Volvo dives into modular future with SPA


August 17, 2014

Volvo's Scalable Product Architecture will spread across the Swedish manufacturer's range

Volvo's Scalable Product Architecture will spread across the Swedish manufacturer's range

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Many of the world's car manufacturers have decided that flexible, modular platforms are the way of the future. Volkswagen's MQB underpins everything from the VW Golf to Audi's TT coupe, and there are more MQB-based cars to come. Volvo is keen to get in on the action with its Scalable Product Architecture (SPA), which will debut in the upcoming XC90 SUV and then extend across the Swedish manufacturer's range.

Volvo's scalable platform was developed totally in house and is the result of four years of work. Like VW's MQB, SPA allows Volvo to use the same platform as the basis for all of its powertrain, suspension and electrical systems, granting the potential for hybrid models throughout its range.

The economic benefits that come with scalable architecture are clear: Volvo doesn't have to develop a standalone platform for each of its new cars, which saves on development and manufacturing costs through economies of scale.

But the benefits extend beyond that, with Volvo claiming SPA allows designers more freedom to play with the overhangs and wheelbase, which leads to a better stance on the road. According to Volvo, its new platform also contributes to a better weight distribution, which will assist with handling. Being a Volvo product, safety was a focus for SPA, with high strength boron steel used extensively to allow a strong, compact structure.

Volvo is just weeks away from revealing its XC90 SUV. While Volvo has been teasing us with details about its hybrid drivetrain, interior and safety systems, we are yet to be been given a look at the car's styling.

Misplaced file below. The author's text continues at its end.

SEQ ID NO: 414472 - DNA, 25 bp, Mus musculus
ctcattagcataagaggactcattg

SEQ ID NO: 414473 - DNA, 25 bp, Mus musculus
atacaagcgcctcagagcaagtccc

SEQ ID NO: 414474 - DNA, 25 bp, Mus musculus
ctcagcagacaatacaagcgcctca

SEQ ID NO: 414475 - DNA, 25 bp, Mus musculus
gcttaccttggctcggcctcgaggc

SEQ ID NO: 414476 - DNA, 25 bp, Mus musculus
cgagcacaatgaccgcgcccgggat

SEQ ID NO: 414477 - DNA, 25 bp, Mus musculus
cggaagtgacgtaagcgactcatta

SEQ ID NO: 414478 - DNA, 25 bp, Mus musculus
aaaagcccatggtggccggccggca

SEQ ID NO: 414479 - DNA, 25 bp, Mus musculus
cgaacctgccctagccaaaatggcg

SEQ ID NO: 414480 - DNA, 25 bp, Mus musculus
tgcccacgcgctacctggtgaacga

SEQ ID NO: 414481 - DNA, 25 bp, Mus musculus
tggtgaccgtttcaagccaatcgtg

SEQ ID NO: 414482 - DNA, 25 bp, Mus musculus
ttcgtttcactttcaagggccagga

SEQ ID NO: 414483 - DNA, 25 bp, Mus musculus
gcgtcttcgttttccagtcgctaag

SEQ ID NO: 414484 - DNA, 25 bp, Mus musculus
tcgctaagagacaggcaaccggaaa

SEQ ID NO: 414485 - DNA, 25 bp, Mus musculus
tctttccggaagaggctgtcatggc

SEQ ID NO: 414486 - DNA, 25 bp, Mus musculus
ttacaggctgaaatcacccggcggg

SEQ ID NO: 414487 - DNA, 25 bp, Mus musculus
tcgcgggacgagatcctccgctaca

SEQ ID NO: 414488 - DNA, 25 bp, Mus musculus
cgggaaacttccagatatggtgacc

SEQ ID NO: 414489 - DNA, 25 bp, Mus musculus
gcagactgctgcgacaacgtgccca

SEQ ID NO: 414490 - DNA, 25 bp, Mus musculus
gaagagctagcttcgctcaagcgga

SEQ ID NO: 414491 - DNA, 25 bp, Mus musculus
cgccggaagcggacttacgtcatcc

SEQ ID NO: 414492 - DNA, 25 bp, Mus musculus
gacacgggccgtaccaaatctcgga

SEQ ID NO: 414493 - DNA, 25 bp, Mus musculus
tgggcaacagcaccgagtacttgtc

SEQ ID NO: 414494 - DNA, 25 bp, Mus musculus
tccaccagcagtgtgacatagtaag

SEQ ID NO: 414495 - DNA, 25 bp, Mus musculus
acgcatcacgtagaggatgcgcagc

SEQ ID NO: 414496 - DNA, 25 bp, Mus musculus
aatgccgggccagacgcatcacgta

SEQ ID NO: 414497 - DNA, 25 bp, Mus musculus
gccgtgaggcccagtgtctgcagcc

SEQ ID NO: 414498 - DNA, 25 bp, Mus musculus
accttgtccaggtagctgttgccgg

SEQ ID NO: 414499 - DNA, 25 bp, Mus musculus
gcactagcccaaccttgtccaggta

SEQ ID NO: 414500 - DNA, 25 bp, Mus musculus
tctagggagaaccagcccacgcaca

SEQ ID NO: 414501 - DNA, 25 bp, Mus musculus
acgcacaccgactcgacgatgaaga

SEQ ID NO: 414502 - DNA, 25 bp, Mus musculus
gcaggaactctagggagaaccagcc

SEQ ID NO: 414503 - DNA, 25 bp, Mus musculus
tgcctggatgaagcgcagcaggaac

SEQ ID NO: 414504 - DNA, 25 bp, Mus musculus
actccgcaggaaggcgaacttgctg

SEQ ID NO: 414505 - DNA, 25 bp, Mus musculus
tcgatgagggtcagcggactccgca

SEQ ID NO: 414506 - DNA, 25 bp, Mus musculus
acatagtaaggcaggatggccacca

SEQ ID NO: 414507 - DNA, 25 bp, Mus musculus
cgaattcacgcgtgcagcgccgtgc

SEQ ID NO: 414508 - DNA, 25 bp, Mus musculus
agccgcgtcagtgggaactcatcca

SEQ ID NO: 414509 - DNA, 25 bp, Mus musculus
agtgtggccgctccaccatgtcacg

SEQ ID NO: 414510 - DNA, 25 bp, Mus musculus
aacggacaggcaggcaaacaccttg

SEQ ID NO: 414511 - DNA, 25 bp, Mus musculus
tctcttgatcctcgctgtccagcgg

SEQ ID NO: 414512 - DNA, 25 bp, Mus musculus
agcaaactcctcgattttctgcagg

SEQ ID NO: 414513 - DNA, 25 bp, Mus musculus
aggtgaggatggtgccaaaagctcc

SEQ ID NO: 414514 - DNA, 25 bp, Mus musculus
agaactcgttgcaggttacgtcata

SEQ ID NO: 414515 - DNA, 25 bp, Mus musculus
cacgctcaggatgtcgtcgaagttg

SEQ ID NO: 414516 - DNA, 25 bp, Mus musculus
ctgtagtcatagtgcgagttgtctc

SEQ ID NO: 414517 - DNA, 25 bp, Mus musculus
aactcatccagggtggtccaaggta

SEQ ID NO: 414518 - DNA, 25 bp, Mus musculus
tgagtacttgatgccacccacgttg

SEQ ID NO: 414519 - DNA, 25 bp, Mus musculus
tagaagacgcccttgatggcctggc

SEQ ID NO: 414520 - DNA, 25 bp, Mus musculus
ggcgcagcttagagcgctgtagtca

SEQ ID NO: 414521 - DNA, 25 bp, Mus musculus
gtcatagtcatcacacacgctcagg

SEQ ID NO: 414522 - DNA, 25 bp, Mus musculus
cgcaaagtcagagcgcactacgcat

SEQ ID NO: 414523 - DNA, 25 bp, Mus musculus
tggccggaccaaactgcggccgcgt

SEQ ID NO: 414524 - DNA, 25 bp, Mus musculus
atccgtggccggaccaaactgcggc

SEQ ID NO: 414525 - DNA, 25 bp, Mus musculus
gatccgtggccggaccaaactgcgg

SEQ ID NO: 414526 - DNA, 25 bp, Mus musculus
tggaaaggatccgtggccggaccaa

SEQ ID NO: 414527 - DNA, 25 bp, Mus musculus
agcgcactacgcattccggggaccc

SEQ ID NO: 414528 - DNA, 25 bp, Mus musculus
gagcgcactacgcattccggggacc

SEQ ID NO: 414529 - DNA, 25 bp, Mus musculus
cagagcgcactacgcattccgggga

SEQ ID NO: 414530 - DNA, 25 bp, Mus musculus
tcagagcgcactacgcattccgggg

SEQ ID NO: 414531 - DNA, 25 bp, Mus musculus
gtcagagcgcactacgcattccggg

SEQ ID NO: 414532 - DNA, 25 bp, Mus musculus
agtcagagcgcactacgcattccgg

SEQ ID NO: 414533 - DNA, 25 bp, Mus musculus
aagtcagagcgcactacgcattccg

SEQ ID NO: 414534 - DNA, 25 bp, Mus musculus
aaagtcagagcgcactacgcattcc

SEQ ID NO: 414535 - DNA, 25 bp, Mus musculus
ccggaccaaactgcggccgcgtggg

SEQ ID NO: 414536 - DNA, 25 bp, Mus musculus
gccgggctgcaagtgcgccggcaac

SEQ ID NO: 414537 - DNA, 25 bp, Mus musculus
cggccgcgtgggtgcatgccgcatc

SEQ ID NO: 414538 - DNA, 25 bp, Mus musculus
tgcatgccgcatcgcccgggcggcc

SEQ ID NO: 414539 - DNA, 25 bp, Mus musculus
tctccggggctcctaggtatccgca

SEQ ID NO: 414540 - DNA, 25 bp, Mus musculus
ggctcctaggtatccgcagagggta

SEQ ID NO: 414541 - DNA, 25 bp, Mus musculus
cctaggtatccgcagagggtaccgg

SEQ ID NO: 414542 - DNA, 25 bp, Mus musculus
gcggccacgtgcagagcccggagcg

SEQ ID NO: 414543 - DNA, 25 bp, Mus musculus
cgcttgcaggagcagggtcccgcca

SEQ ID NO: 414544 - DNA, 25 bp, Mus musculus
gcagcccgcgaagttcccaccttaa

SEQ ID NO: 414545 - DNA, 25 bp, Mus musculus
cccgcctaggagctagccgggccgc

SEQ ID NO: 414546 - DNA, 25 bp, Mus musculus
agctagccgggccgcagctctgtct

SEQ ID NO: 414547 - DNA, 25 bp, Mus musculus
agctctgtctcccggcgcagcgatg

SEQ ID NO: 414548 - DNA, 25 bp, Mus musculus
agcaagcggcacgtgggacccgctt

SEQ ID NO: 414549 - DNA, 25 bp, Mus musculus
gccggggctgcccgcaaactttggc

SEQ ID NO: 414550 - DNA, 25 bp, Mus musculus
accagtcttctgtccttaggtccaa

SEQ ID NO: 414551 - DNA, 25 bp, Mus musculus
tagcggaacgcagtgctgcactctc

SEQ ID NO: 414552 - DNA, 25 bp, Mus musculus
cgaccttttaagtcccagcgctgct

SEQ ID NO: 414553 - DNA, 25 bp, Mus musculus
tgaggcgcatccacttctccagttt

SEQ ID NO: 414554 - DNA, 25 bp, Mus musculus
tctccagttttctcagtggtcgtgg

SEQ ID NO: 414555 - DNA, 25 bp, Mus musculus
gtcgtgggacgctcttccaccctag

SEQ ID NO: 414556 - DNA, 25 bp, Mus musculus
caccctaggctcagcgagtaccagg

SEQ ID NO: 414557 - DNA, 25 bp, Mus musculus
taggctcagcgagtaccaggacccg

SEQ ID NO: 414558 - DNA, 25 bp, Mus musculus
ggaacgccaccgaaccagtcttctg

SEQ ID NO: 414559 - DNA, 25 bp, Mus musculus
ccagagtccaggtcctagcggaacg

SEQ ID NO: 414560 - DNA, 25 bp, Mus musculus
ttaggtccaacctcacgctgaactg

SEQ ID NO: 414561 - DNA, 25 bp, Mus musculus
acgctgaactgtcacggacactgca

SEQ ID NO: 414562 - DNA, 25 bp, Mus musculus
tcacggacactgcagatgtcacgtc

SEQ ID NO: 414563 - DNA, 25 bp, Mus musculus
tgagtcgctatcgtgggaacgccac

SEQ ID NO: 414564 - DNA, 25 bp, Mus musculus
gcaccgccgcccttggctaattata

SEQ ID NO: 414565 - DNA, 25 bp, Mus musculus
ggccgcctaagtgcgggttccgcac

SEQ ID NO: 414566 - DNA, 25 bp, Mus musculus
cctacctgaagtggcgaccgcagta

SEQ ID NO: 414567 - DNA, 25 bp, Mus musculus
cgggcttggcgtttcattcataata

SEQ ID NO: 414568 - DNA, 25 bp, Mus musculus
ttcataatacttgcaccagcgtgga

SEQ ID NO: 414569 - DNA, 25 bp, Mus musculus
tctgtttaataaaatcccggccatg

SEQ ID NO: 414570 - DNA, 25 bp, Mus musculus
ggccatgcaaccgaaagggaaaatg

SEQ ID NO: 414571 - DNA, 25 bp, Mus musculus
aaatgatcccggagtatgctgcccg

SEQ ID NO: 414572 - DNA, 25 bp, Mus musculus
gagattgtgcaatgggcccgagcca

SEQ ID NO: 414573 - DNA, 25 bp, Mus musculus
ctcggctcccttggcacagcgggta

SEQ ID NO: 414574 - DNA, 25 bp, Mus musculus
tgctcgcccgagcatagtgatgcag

But we now know what at least one small part of the XC90 will look like, and it involves Thor. You might be wondering how the Norse god of thunder is relevant to a Swedish SUV – we certainly were – but Volvo says the XC90's daytime running lights are based on the mythical character's hammer. Have they pulled it off? We'll let you be the judge.

The new XC90 is set for a full reveal in Stockholm later this month.

Source: Volvo

About the Author
Scott Collie Based in Melbourne, Australia, Scott grew up with a passion for cars and a love of writing. He now combines the two by covering all things automotive for Gizmag. When he’s got a spare moment, you can usually find him freezing himself silly in search of fresh powder to ski. All articles by Scott Collie

This philosophy should not only be applied 'horizontally' across a manufacturer's range, it should also be applied 'vertically' over the length of time that models run. It cannot be sensible that an otherwise fully functioning motor vehicle has to be scrapped because a vital component fails and it is impossible to find a replacement. If these components were used where possible in newer models, then they would still be available.

Whilst such a policy would not be to the benefit of the manufacturers, we have to realise that as a species we are facing economic contraction, or at best minimal growth, with many resources at or near their peak of extraction. Making things last has to be an important feature of an age that is best described as 'post consumerism'.

Mel Tisdale

Must for all automakers esp GM, due to recalls alone Must do & expand on SPAs alone.

Stephen Russell

I think Mel Tisdale's comment on commonality of components through time is an interesting one, but as "the whole" is developed as an improved unit, this must apply to individual components too? If a more efficient (and probably smaller) gizmo is developed it can't be ignored to maintain commonality of components. As always the far reaching effects of previous developments (pollution, climate change, war, new materials etc) will dictate the direction best taken in the future. Though I don't hold out much hope as far as learning from our mistakes regarding any of those examples!

Roger Dutton

Failed 1960's state Automobile corporation British Leyland exploited the economies of scale produced by making many parts of their range common. It proved a drag on innovation and more nimble competitors produced more exciting cars. Innovation and production efficiency ( and thus price and profit) are often enemies of one another in industry.

Dirk Scott
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